to generate such ideal entangled state, and most of states realized in the experiments are nonmaximal entangled states. Therefore it is important to discuss how to succeed in teleportation with high fidelity by a realizable nonmaximal entangled state. For such problem, Kossakowski and Ohya defined an ideal teleportation map such that its linearity is preserved even if nonmaximal entangled state is postulated. In [1], we proposed a model of perfect teleportation, in which the ideal teleportation in the Kosakowski–Ohya scheme might be realized. In this model, called the two-level teleportation, an input state is represented as | = a |x + b |y, n where |x and |y are mutually orthogonal state vectors in H1 = C2 , and the complex numbers a and b satisfy |a|2 + |b|2 = 1. We showed that such a two-level state | can be transmitted perfectly with a nonmaximal entangled state defined n n on H2 ⊗ H3 = C2 ⊗ C2 (n ≥ 2). Moreover, in [14], we designed a physical model of two-level teleportation in quantum optics. The input state is described as a superposition of Schr¨odinger’s cat state [9, 12]. The shared entangled state is generated by a photon number state and beam-splitter [6], and it is nonmaximal in general. Alice measures the sum of photon numbers and the phase difference of photons [8, 10]. Bob can recover the input state by shifting the phase [13]. In the present paper, we discuss the scheme of two-level teleportation in detail, and we propose an extended model, called the m-level teleportation. An input state |x a of the m-level teleportation is an m-level state vector | = m k=1 k k , where ak mn 2 m are the complex numbers satisfying k=1 |ak | = 1, and the state vectors {|xk }k=1 are mutually orthogonal. The m-level teleportation succeeds perfectly when the input state, the entangled state and the measurable states satisfy a certain condition shown in Section 5. The previous study of [1] only showed an example of such condition. We discuss the condition for the perfect m-level teleportation generally. We define the general form of the Bell state by Latin square. The generalization of the Bell state was showed in [2], and it is useful for quantum dense coding [15]. Our generalization is different from the one in [2]. In Section 2, we briefly explain the Kossakowski and Ohya scheme. In Section 3, we explain the details of two-level teleportation. It is shown that there exists a set of unitary keys even if nonmaximal entangled state is used. In Section 4, we discuss the measurement in two-level teleportation, and we define the generalized Bell state. In Section 5, we extend the two-level teleportation to m-level teleportation, where the generalized Bell state plays important role. 2.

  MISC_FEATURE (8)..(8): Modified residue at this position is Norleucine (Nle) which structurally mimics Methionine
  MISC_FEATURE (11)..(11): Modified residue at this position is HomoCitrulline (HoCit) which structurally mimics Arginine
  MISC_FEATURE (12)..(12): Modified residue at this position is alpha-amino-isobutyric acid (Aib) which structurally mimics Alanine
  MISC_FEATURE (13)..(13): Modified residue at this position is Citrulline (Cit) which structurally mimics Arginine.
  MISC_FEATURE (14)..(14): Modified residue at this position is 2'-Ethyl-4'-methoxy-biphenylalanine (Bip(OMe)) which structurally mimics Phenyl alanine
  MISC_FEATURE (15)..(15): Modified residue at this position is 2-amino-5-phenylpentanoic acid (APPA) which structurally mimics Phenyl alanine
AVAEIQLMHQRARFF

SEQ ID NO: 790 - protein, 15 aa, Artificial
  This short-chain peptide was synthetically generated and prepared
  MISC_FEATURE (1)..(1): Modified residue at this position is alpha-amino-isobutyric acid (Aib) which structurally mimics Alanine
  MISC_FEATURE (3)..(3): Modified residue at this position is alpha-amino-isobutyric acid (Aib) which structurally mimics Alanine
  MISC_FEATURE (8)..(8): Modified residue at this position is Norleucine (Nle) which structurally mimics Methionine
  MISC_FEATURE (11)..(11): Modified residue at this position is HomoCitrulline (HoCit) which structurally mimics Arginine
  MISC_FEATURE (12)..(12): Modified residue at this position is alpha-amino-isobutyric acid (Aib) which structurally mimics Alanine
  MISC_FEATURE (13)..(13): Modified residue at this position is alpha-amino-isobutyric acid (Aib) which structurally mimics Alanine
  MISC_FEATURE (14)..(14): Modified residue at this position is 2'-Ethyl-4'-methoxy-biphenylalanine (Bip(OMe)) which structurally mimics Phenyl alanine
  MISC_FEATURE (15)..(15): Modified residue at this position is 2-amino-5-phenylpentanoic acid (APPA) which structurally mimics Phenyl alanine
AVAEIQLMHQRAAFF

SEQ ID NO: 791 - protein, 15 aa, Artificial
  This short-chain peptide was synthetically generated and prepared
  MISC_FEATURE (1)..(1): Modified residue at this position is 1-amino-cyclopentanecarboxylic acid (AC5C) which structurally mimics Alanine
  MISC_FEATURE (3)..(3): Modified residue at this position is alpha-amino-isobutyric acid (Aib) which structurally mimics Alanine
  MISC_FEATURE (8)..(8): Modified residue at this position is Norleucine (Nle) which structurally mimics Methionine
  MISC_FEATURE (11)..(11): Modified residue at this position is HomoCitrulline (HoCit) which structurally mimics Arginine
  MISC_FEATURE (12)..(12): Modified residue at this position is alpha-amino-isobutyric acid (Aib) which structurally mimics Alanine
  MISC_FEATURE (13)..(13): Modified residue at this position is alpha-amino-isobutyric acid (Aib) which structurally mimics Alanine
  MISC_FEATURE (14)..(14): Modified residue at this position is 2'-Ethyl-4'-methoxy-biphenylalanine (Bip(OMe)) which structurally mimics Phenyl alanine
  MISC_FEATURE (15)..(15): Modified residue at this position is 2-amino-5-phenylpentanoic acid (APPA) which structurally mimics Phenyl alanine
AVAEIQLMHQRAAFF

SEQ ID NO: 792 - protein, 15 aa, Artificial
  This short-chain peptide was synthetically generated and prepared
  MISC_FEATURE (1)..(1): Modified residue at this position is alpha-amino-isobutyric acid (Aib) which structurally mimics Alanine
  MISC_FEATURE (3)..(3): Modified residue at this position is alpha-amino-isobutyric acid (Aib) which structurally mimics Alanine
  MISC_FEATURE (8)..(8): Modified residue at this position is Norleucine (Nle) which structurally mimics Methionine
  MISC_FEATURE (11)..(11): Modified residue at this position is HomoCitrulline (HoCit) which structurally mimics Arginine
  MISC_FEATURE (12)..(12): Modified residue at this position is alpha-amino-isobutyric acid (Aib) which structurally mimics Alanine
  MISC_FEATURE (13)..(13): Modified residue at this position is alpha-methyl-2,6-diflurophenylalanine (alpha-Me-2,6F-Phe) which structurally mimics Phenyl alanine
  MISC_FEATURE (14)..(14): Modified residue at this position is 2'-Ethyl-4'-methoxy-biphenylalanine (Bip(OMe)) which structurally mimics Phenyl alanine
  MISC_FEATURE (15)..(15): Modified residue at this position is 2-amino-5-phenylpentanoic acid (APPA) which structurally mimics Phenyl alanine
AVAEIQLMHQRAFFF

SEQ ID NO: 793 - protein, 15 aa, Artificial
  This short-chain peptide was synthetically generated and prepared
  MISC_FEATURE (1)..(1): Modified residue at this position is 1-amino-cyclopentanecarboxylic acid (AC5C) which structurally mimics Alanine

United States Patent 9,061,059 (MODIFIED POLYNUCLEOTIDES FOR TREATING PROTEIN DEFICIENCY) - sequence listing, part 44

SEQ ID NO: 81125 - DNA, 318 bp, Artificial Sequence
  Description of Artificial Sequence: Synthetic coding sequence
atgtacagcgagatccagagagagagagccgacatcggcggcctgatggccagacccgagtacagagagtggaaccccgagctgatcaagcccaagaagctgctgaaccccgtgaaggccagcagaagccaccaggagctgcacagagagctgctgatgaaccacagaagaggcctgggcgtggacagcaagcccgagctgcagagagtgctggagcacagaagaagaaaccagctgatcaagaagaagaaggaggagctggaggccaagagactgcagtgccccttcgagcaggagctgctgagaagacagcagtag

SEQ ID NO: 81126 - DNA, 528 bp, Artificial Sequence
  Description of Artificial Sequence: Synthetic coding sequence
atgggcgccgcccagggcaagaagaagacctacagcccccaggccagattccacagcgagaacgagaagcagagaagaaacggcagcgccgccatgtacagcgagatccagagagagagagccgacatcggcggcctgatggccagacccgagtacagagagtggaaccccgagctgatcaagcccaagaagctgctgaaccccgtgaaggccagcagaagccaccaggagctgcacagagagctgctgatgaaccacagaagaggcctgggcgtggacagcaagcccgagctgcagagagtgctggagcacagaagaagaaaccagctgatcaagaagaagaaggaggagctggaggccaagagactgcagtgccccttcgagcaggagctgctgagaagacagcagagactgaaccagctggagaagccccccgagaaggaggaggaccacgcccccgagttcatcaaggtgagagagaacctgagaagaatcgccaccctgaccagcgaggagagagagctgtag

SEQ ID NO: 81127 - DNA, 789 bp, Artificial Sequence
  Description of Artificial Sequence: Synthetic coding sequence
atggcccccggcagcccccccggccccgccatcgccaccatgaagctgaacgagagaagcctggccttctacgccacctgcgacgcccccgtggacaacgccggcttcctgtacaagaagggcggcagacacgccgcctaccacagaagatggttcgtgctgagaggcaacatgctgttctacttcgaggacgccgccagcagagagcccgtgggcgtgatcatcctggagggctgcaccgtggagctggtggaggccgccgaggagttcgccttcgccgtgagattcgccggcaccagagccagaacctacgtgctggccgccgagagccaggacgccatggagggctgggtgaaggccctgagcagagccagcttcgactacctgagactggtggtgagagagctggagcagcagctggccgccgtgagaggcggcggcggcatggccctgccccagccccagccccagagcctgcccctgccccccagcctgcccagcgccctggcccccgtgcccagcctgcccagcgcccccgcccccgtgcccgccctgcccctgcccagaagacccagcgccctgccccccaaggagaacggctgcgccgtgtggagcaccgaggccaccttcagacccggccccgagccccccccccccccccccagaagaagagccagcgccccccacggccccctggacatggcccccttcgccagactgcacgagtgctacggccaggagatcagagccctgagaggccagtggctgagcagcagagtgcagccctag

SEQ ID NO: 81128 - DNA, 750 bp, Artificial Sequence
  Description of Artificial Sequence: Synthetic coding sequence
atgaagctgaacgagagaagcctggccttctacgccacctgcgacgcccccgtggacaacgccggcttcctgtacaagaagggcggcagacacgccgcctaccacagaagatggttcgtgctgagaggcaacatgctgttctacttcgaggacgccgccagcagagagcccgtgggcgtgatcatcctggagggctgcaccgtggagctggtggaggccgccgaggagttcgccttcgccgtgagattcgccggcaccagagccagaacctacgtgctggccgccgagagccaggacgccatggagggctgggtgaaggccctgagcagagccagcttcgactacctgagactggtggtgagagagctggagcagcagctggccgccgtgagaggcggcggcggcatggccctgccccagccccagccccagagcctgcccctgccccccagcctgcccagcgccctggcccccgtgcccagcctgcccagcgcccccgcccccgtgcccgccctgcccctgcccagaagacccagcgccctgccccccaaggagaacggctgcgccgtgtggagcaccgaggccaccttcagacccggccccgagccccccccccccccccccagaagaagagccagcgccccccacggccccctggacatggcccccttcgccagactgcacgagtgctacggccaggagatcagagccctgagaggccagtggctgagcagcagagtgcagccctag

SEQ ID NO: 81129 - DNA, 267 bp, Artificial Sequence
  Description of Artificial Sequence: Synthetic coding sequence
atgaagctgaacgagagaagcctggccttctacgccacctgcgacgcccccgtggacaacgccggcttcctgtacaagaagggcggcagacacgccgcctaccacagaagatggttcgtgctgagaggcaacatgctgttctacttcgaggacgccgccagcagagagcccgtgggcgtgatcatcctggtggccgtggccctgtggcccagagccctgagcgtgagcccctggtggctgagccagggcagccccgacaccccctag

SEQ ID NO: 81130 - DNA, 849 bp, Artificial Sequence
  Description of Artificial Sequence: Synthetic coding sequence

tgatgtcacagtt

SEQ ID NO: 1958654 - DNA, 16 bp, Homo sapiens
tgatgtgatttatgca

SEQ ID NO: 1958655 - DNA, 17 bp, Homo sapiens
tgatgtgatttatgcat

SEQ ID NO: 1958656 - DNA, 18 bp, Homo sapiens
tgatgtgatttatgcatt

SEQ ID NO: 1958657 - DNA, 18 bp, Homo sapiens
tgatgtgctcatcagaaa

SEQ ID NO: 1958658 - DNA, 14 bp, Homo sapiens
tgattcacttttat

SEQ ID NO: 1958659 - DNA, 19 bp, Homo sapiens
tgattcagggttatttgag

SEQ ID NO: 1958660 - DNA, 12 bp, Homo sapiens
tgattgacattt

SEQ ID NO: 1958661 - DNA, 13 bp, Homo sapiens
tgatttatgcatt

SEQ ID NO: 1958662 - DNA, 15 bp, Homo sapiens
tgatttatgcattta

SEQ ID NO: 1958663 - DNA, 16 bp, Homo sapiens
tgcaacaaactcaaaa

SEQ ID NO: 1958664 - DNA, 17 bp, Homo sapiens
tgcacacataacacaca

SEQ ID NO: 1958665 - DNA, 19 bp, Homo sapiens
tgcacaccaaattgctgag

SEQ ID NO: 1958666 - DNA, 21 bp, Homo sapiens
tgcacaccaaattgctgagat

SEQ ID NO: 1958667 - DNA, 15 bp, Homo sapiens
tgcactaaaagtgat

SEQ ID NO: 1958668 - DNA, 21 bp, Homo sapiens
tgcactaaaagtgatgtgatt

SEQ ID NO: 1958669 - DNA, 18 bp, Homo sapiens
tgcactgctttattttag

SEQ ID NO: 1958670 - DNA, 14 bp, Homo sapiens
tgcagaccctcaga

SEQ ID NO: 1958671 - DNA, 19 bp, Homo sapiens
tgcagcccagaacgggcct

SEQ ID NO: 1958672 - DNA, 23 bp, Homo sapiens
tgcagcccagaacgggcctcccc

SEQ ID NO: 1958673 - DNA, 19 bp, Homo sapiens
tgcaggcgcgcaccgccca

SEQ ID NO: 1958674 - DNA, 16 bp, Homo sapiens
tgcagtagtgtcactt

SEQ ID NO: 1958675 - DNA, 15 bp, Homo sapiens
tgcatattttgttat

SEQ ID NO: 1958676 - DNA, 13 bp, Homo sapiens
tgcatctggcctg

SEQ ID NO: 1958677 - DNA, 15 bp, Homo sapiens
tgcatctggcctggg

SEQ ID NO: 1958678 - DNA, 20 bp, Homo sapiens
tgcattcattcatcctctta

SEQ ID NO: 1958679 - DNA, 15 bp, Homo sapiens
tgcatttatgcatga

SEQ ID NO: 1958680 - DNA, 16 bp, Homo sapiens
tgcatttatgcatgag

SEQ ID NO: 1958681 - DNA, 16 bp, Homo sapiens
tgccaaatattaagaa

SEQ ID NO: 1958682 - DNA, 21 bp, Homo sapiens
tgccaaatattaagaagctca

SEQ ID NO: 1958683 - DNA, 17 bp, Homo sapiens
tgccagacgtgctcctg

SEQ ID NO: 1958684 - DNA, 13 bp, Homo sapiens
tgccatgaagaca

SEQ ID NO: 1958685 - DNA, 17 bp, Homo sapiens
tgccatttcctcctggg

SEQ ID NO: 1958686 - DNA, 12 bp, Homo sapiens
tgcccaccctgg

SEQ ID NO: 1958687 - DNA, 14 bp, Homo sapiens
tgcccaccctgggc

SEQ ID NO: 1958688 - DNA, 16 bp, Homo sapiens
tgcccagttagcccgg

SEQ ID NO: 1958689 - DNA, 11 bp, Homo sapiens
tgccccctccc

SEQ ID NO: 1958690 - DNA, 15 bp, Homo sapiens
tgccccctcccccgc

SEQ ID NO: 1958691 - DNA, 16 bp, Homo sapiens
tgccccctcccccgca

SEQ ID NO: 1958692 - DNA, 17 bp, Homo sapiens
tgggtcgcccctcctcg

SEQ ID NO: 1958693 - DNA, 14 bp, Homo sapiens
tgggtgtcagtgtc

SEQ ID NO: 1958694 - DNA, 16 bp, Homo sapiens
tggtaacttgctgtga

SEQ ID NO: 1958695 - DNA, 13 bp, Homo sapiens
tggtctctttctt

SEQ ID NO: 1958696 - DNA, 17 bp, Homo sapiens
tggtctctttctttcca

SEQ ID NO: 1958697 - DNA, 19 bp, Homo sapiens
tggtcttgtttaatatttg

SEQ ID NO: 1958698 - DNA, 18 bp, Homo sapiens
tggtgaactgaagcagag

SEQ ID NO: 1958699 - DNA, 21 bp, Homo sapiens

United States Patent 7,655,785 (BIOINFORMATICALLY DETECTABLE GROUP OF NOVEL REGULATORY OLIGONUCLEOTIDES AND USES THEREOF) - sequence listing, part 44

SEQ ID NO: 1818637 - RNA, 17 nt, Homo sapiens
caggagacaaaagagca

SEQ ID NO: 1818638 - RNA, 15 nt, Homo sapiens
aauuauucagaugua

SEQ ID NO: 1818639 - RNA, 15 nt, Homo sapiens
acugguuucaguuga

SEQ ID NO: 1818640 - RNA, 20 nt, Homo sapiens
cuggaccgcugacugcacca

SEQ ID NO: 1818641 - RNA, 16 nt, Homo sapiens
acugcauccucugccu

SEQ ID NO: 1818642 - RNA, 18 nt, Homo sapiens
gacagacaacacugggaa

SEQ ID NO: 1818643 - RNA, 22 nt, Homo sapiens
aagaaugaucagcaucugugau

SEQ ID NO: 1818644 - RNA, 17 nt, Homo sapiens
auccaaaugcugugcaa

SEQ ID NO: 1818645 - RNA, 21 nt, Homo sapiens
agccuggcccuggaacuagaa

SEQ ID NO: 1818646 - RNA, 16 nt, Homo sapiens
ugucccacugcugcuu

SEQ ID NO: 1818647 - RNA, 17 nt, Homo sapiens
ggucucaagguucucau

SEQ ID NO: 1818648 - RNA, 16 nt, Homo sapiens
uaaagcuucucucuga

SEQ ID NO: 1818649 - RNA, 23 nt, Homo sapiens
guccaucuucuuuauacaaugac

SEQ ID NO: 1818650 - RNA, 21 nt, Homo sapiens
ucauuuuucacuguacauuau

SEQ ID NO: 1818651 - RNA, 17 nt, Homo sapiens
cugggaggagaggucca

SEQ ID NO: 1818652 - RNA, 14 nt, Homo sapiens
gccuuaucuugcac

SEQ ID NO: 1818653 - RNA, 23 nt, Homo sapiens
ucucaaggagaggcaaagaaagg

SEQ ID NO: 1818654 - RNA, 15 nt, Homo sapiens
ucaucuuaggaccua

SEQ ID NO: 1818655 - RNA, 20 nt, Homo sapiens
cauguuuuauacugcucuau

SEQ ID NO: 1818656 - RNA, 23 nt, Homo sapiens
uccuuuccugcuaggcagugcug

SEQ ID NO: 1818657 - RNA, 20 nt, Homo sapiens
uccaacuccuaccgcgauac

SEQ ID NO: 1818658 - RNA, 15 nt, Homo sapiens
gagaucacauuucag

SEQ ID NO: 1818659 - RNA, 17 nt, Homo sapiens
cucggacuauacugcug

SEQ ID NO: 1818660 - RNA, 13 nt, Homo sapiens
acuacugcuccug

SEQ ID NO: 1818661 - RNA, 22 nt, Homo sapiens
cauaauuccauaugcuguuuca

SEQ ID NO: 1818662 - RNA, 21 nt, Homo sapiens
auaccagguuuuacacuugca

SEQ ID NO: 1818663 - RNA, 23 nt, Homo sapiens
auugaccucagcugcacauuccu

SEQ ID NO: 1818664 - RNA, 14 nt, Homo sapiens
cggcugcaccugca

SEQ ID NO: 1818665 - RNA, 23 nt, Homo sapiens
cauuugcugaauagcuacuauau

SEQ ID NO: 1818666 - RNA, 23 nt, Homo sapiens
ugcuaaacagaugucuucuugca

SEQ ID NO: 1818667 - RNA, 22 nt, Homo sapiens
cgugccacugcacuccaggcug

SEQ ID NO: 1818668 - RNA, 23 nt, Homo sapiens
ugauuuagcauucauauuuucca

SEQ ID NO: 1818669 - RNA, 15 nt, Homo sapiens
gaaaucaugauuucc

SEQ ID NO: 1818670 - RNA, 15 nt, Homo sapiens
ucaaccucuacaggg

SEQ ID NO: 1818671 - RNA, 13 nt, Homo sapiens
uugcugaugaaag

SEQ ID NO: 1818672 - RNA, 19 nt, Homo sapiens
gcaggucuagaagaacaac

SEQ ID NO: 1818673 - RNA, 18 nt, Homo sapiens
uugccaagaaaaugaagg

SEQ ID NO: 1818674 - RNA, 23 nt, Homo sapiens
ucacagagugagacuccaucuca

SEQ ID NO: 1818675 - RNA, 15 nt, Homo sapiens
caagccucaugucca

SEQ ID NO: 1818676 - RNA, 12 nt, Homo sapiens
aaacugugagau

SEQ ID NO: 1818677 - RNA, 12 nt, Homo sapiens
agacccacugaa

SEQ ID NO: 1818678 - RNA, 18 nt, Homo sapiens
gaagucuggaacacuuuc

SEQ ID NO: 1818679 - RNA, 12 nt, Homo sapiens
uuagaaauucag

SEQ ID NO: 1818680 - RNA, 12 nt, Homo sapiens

The Kossakowski and Ohya scheme for perfect teleportation

In this section, we briefly explain the scheme of teleportation proposed by Kossakowski and Ohya. Let us take the conditions that all Hilbert spaces H1 , H2 and H3 be CN . Alice has an unknown quantum state ρ on H1 and she transfers it to Bob. For this purpose, an entangled state σ is prepared on H2 ⊗ H3 , and H2 is attached to Alice’s side and H3 is to Bob’s side. Any entangled state σ can be represented as

QUANTUM TELEPORTATION FOR NONMAXIMAL ENTANGLED STATES

σ =

N

|i j | ⊗

N2

μs fs |i j | fs∗

59

(1)

s=1

i,j =1

N 2 N with s=1 μs = 1 and μs ≥ 0. Here {|i}i=1 is the fixed orthonormal basis (ONB) 2 N in CN , and {fs }N s=1 is an ONB in the set of all bounded operators on C , which is simply denoted by MN . Alice performs a joint measurement of the observable F on H1 ⊗ H2 , which is defined by N N2 N2 F = λk Pk ≡ λk gk∗ |i j | gk ⊗ |i j | , k=1